The interest margin at Lloyds went from 2.9% to 3.1% in the previous year. Even though that might seem like a minor distinction, the company’s £451 billion loan book translates it into significant earnings growth. And as a result, the return on tangible equity for investors has increased to a respectable 16.6%.

This portends good both for the lending institution and its stockholders. Additionally, management could easily raise payouts by 15% from a year earlier thanks to growing cash flows.

Also read: How Buying FTSE 100 Stocks Could Help You Live Well In Retirement

One FTSE 100 stock that we would purchase today is not Lloyds or Rolls-Royce

Currently, two of the most traded firms in the UK are Lloyds and Rolls-Royce. Both would not, however, be the first FTSE 100 stock we would invest in today, despite all the publicity they have received.

Both of these businesses, which we like and are shareholders in, have problems. Although Lloyds may appear cheap, it has consistently moved sideways for years. Despite having a successful year, Rolls-Royce is still not profitable and has a ways to go before it can start paying dividends.

A growing company with no warning signs would be a superior investment, and for that, we are looking at pharmaceutical giant AstraZeneca (LSE: AZN). We believe it might be the finest stock to buy right now on the Footsie.

AstraZeneca is a business that is firmly on the upswing, in contrast to those other two. Revenue was up 25% and profits per share (EPS) was up 33% over the previous year. Analysts anticipate this to continue; some foresee EPS growth of 20% over the following five years.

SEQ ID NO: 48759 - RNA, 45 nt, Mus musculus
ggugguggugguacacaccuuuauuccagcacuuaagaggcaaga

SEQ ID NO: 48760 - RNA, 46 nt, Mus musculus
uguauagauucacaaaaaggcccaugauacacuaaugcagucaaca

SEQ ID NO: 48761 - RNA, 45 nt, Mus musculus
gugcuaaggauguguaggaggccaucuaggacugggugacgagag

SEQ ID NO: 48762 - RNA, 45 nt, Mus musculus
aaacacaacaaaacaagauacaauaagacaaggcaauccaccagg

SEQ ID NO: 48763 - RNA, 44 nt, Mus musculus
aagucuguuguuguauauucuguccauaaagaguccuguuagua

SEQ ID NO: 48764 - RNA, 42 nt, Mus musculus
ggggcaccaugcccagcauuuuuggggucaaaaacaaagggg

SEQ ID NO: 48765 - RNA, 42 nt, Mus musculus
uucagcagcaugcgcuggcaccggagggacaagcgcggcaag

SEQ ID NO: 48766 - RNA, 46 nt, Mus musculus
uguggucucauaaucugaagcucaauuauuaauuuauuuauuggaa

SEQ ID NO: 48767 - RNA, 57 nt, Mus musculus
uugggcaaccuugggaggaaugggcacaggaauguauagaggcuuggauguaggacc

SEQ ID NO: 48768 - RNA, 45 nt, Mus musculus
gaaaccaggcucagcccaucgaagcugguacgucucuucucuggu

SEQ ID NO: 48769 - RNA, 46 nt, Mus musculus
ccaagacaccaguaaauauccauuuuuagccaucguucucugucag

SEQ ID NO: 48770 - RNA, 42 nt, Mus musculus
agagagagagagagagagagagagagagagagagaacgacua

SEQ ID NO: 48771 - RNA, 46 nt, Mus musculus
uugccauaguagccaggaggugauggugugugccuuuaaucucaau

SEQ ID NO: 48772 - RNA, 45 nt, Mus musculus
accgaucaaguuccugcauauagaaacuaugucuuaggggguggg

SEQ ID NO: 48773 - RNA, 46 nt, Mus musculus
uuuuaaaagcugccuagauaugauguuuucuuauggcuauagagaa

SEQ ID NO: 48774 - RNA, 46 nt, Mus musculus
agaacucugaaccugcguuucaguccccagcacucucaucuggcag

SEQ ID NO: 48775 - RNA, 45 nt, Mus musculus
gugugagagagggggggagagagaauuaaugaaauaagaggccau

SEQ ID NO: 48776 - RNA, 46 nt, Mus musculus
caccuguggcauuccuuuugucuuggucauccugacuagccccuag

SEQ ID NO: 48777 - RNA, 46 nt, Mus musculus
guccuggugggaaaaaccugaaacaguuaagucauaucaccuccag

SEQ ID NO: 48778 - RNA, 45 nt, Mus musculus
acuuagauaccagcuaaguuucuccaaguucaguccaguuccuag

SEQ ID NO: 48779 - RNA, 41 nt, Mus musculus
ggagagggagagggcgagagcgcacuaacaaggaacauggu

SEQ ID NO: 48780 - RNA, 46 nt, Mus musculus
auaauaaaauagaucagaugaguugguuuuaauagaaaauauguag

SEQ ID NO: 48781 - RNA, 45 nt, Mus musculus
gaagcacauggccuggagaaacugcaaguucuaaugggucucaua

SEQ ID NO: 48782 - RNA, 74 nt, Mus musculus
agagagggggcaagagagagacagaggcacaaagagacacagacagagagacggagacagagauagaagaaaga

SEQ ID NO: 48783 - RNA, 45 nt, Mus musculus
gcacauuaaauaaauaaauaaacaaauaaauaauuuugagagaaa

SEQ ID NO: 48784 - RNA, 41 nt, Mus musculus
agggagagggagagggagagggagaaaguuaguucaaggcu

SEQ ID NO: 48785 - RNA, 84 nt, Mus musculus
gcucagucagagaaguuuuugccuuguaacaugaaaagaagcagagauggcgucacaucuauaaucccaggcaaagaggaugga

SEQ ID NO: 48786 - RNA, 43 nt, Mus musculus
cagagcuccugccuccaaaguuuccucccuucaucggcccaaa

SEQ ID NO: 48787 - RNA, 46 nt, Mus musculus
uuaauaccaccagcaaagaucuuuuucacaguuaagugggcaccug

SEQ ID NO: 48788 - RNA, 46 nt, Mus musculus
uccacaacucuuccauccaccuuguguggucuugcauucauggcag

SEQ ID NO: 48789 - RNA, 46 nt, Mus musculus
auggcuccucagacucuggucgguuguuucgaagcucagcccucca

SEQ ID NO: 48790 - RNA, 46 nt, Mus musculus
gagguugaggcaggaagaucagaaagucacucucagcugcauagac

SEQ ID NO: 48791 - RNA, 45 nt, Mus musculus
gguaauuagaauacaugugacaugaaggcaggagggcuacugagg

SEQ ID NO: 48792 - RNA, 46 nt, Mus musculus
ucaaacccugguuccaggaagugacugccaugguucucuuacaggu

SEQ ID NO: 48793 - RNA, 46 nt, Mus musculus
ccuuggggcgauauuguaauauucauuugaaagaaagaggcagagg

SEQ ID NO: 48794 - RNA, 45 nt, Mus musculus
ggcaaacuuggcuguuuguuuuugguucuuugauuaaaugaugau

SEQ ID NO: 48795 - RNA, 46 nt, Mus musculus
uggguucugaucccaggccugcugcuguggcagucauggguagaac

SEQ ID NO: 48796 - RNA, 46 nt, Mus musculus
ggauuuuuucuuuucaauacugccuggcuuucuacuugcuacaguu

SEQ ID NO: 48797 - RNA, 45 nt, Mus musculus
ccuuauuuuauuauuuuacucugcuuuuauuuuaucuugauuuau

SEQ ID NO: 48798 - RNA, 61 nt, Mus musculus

CEO Pascal Soriot can be credited for this expansion. When he assumed control in 2012, he promised to emphasize R&D and innovation. The shares are up 282%, and AstraZeneca is now the largest company on the entire FTSE 100, so he is obviously doing something right.

AstraZeneca stocks

In retrospect, focusing on innovation appears to be a wise decision. A pharmaceutical company depends heavily on its drug pipeline, thus it is in a wonderful position with a ton of high-yielding products.

Moreover, this is not the end of it. There are currently 178 additional pharmaceuticals under development, demonstrating that the company’s capacity to develop medicines that generate money is unaffected. We have to admit that this place’s future is promising.

The valuation is the cherry on top. It is true that AstraZeneca has been pricey recently; its price-to-earnings ratio only reached around 100 in the past year. However, the forward P/E is currently only 18, and the P/E facing backward is only 34. That seems extremely realistic to us for a company that is expanding this rapidly.

With a 52 forward P/E, US rival Eli Lilly appears to be significantly more pricey. GSK has a lower P/E ratio of 9, but its prospects are not quite as promising as those of its UK rivals.

Should you buy?

The corporation does have debt, therefore there are risks involved. Because of the high debt-to-equity ratio—about 85%—and the current high-interest rates, it may be more difficult to fund future research.

However, we believe we are looking at a wonderful purchase. Although companies like Lloyds and Rolls-Royce may be the focus of the market, we believe AstraZeneca to be the strongest stock of the three. If we had extra money today, we would invest.

Leave a Comment

Your email address will not be published. Required fields are marked *